March 7, 2017

Previous news

2013 events

26/11/2013: CLUSTER takes a tilt at radio wave sources

A new study using ESA's Cluster mission has shown improved precision in determining the source of a radio emission produced by Earth. The experiment involved tilting one of the four identical Cluster spacecraft to measure the electric field of this emission in three dimensions for the first time.

Read the full item on ESA's website

01/08/2013: Cluster discovers that wobbly magnetic reconnection speeds up electrons

Scientists have discovered a missing piece in the puzzle of where high-energy particles in Earth's magnetosphere come from. Using data from ESA's Cluster mission, they found that magnetic reconnection can accelerate electrons to very high energies - as long as reconnection happens at a variable pace rather than steadily. This result will improve predictions of space weather, studies of fusion plasma, and the understanding of astrophysical environments affected by magnetic fields.

Read the full item on ESA's website

02/07/2013: Cluster discovers steady leak in Earth's plasmasphere

A steady wind, discovered by ESA's Cluster mission, is slowly escaping from Earth's plasmasphere - the torus of plasma that surrounds our planet's atmosphere. The outflow amounts to almost 90 tonnes a day. Predicted by theory two decades ago, this is one of the main mechanisms that replenishes Earth's magnetosphere with fresh plasma.

Read the full item on ESA's website

10/04/2013: Cluster finds source of Aurora energy boost

A new study based on data from ESA's Cluster mission has revealed the importance of bursty bulk flows (BBFs) - fast streams of plasma that are launched towards Earth during the magnetic substorms that give rise to bright aurorae. By modelling these fast plasma streams using a kinetic approach, scientists have discovered that earlier studies based on magnetohydrodynamics tended to underestimate their role in the energy transfer during magnetic substorms. The new, more-accurate description suggests that BBFs can carry up to one third of the total energy transferred during a substorm; in such cases, BBFs represent a major contributor to the brightening of aurorae.

Read the full item on ESA's website

2012 events

08/03/2012: Earth's magnetic field provides vital protection

A chance alignment of planets during a passing gust of the solar wind has allowed scientists to compare the protective effects of Earth's magnetic field with that of Mars' naked atmosphere. The result is clear: Earth's magnetic field is vital for keeping our atmosphere in place.

Read the full item on ESA's website

2011 events

30/06/2011: 'Dirty hack' restores Cluster mission from near loss

Using ingenuity and an unorthodox 'dirty hack', ESA has recovered the four-satellite Cluster mission from near loss. The drama began in March, when a crucial science package stopped responding to commands - one of a mission controller's worst fears.

Read the full item on ESA's website

2010 events

16/07/2010: ESA's pioneering Cluster mission is celebrating its 10th anniversary

During the past decade, Cluster's four satellites have provided extraordinary insights into the largely invisible interaction between the Sun and Earth.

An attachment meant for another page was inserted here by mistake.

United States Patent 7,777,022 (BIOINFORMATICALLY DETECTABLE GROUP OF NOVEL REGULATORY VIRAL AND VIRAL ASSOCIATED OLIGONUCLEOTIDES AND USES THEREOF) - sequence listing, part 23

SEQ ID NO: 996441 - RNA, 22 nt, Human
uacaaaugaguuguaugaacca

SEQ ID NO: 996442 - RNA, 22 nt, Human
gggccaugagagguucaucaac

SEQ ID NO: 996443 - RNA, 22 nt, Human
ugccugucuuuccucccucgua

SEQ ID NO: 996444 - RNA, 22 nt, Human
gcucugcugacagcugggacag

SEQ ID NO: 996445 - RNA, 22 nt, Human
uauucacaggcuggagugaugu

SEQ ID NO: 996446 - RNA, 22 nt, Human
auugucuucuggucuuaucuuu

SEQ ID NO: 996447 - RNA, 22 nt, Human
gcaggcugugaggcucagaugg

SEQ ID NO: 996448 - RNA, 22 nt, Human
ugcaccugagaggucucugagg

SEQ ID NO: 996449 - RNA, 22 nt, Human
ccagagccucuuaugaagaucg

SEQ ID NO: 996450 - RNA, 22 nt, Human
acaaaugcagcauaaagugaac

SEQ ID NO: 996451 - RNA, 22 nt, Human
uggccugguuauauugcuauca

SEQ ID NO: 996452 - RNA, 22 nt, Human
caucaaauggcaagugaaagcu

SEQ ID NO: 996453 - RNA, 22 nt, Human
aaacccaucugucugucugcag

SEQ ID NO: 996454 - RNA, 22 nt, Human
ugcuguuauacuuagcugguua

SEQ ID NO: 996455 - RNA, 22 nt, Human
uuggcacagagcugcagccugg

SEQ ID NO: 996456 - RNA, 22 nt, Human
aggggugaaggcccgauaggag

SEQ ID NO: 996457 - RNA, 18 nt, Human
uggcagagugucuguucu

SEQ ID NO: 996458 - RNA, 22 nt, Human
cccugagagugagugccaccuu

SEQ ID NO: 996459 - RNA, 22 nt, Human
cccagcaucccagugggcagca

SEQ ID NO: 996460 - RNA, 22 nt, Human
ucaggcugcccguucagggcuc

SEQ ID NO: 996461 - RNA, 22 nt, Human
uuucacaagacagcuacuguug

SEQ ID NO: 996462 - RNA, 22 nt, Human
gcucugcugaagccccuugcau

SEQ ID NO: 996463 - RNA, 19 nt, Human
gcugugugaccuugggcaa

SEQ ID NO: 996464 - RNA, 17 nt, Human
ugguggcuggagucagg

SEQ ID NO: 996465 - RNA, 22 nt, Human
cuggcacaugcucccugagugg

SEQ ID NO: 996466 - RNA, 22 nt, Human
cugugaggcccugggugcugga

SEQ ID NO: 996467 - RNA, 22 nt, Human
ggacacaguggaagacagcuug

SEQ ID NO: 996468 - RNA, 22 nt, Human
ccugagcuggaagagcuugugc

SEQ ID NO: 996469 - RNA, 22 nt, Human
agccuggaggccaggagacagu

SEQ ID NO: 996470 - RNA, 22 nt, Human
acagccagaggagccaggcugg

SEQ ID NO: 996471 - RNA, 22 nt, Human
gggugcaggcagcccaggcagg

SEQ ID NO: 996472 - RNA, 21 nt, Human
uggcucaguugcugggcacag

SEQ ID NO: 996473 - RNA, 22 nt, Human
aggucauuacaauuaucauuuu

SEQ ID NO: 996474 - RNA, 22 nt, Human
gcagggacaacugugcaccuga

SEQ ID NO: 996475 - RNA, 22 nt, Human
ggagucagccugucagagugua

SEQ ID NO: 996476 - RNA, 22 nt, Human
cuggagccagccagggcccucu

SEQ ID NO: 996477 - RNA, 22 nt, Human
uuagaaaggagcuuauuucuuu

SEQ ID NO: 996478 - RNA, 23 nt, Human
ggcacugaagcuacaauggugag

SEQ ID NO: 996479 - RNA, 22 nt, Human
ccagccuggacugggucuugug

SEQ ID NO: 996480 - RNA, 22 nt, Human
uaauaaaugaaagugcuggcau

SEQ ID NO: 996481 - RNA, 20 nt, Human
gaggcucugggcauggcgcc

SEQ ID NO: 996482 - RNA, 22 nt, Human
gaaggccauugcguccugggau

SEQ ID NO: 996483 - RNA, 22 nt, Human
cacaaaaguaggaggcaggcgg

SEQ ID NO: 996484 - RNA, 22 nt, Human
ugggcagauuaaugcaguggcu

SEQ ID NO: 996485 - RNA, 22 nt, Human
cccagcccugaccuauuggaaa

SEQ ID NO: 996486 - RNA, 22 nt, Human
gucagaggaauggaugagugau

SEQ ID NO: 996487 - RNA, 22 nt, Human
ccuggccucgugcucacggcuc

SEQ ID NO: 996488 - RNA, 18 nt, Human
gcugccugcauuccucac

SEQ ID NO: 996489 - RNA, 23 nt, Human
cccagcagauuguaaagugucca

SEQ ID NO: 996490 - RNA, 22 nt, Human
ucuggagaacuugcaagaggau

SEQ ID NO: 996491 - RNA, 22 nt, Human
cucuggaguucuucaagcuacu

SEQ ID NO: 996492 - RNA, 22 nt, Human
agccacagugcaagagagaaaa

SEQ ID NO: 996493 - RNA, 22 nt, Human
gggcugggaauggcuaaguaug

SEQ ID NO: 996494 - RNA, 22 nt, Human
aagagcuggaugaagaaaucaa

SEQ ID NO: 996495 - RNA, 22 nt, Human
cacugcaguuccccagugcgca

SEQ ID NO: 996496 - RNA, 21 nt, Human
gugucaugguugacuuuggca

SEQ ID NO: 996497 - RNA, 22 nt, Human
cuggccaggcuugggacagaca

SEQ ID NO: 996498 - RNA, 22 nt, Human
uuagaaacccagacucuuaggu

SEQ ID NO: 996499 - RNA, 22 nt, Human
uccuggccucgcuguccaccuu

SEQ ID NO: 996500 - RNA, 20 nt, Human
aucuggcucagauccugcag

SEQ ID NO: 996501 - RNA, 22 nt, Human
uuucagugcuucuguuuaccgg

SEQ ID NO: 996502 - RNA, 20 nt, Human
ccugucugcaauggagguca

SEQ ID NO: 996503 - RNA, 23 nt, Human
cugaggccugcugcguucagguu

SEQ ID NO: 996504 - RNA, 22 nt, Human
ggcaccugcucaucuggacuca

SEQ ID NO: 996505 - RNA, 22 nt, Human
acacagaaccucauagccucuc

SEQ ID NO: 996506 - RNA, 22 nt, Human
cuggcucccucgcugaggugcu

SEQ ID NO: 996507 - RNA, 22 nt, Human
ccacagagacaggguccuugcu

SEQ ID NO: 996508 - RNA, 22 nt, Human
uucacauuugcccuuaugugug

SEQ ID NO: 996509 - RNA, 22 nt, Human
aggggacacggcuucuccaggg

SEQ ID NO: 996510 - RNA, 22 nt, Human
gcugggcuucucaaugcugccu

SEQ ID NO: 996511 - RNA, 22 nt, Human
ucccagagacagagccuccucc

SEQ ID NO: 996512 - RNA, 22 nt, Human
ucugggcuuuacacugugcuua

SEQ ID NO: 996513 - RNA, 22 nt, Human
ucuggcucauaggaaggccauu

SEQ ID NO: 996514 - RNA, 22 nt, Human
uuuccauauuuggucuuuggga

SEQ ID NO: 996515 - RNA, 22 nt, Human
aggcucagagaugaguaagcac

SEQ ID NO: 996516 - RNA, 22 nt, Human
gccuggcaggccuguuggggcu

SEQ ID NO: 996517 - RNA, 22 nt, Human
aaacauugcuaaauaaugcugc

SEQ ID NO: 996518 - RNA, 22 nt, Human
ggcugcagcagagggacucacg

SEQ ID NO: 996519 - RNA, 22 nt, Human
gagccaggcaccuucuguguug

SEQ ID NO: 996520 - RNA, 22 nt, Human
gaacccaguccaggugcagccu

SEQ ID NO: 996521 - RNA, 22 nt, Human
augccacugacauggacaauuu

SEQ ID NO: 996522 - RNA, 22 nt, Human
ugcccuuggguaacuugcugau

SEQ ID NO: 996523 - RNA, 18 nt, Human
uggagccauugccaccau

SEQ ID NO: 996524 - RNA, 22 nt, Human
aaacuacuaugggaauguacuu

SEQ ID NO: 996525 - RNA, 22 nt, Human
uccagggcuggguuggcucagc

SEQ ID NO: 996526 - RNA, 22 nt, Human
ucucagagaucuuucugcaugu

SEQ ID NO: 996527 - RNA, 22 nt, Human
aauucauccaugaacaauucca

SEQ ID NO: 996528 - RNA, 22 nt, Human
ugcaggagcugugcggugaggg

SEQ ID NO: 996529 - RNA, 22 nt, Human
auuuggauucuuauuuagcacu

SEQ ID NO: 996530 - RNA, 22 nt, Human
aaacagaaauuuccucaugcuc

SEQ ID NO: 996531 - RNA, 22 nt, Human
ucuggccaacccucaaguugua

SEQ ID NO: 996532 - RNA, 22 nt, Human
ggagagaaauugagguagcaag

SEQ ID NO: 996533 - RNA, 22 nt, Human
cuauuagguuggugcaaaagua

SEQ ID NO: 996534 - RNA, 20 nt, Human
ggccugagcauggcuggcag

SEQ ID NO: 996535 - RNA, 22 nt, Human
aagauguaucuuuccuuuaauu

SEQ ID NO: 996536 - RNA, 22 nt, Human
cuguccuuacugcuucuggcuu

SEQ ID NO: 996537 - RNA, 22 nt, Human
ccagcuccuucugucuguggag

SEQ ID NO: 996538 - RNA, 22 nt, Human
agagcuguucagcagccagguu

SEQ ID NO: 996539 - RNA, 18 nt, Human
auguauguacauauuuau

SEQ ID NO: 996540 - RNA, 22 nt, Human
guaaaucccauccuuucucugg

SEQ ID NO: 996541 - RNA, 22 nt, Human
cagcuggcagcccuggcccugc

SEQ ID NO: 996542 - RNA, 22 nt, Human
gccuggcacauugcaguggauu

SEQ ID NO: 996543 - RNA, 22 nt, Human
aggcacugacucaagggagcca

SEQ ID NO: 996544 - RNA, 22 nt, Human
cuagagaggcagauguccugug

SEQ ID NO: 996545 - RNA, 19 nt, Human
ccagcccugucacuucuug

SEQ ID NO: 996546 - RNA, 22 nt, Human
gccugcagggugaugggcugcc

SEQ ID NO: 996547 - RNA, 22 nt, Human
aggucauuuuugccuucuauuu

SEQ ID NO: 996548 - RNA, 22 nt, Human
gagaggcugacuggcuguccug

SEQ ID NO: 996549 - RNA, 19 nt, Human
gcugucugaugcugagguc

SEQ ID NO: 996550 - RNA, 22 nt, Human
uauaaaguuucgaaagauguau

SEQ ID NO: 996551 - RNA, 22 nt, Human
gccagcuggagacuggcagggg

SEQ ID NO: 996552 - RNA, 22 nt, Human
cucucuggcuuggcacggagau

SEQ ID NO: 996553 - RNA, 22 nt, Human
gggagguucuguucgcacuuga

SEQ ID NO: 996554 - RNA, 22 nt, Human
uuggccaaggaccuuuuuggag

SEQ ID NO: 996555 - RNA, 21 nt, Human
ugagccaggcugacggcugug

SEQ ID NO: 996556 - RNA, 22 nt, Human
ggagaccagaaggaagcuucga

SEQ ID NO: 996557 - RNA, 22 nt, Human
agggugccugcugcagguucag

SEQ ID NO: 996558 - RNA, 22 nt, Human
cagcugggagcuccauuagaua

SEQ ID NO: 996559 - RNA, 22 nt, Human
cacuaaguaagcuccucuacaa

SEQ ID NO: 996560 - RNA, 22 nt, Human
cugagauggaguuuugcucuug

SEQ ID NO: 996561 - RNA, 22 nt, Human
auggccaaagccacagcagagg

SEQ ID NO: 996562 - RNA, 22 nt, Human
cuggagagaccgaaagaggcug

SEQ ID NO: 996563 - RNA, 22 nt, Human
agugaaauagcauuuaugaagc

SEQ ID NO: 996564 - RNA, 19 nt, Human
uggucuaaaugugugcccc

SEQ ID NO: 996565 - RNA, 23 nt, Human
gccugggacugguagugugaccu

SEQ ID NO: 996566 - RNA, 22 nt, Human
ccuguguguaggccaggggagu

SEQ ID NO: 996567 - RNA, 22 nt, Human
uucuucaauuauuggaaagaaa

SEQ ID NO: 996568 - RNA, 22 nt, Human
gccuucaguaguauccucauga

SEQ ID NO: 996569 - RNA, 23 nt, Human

More on ESA's website and CNES' website (in French)

2002 events

14/02/2002: Complete data reception coverage begun according to the SSWG recommendation

The limited data return from Cluster (50%) has led during the nominal mission to a significant loss of data from important boundary layers of the magnetosphere, such as the bow shock, cusp and magnetopause. Some of the mission's science goals have therefore not been fully achieved. The proposed extension of data coverage, with 100% of the orbit covered in normal mode, will lead to a quantifiable enhancement of Cluster science, full observation of key unpredictable transient events and full achievement of the mission goals. The SSWG unanimously recommends that the data coverage be enhanced to 100 % using the Maspalomas ground station as soon as possible.

In recognition of these potential achievements, the SSWG also unanimously recommends that the Cluster mission be extended for 35 months.

2001 events

11/12/2001: Cluster quartet probes the secrets of the black aurora.

Anyone living near the Arctic Circle will be familiar with aurorae, the legendary red and green curtains that illuminate the long winter nights. Much less familiar is the mysterious 'black aurora', a strange electrical phenomenon that produces dark, empty regions within the visible Northern and Southern Lights.

09/10/2001: Cluster captures a double cusp.

Like ships on a never-ending expedition around the world, ESA's four Cluster spacecraft continue to explore the mysterious magnetic environment that surrounds the Earth - a stormy sea filled with electrified particles instead of water. As the quartet surveys the planet's poles, they are discovering the secrets of the northern cusp, a funnel-shaped opening in the magnetic field.

16/07/2001: Surfing and diving in Earth's magnetosphere, Cluster celebrates one year of science excellence in orbit.

Space scientists around the world are today celebrating the first anniversary of the European Space Agency's revolutionary Cluster mission to explore near-Earth space and study the interaction between the Sun and Earth.

07/02/2001: Cluster commences operations: first exciting results to be announced at media event in Paris.

Six months after four Cluster spacecraft congregated in Earth orbit, scientists are beginning to gather the first results from ESA’s unique mission to explore the magnetosphere, the magnetic shield that surrounds our planet.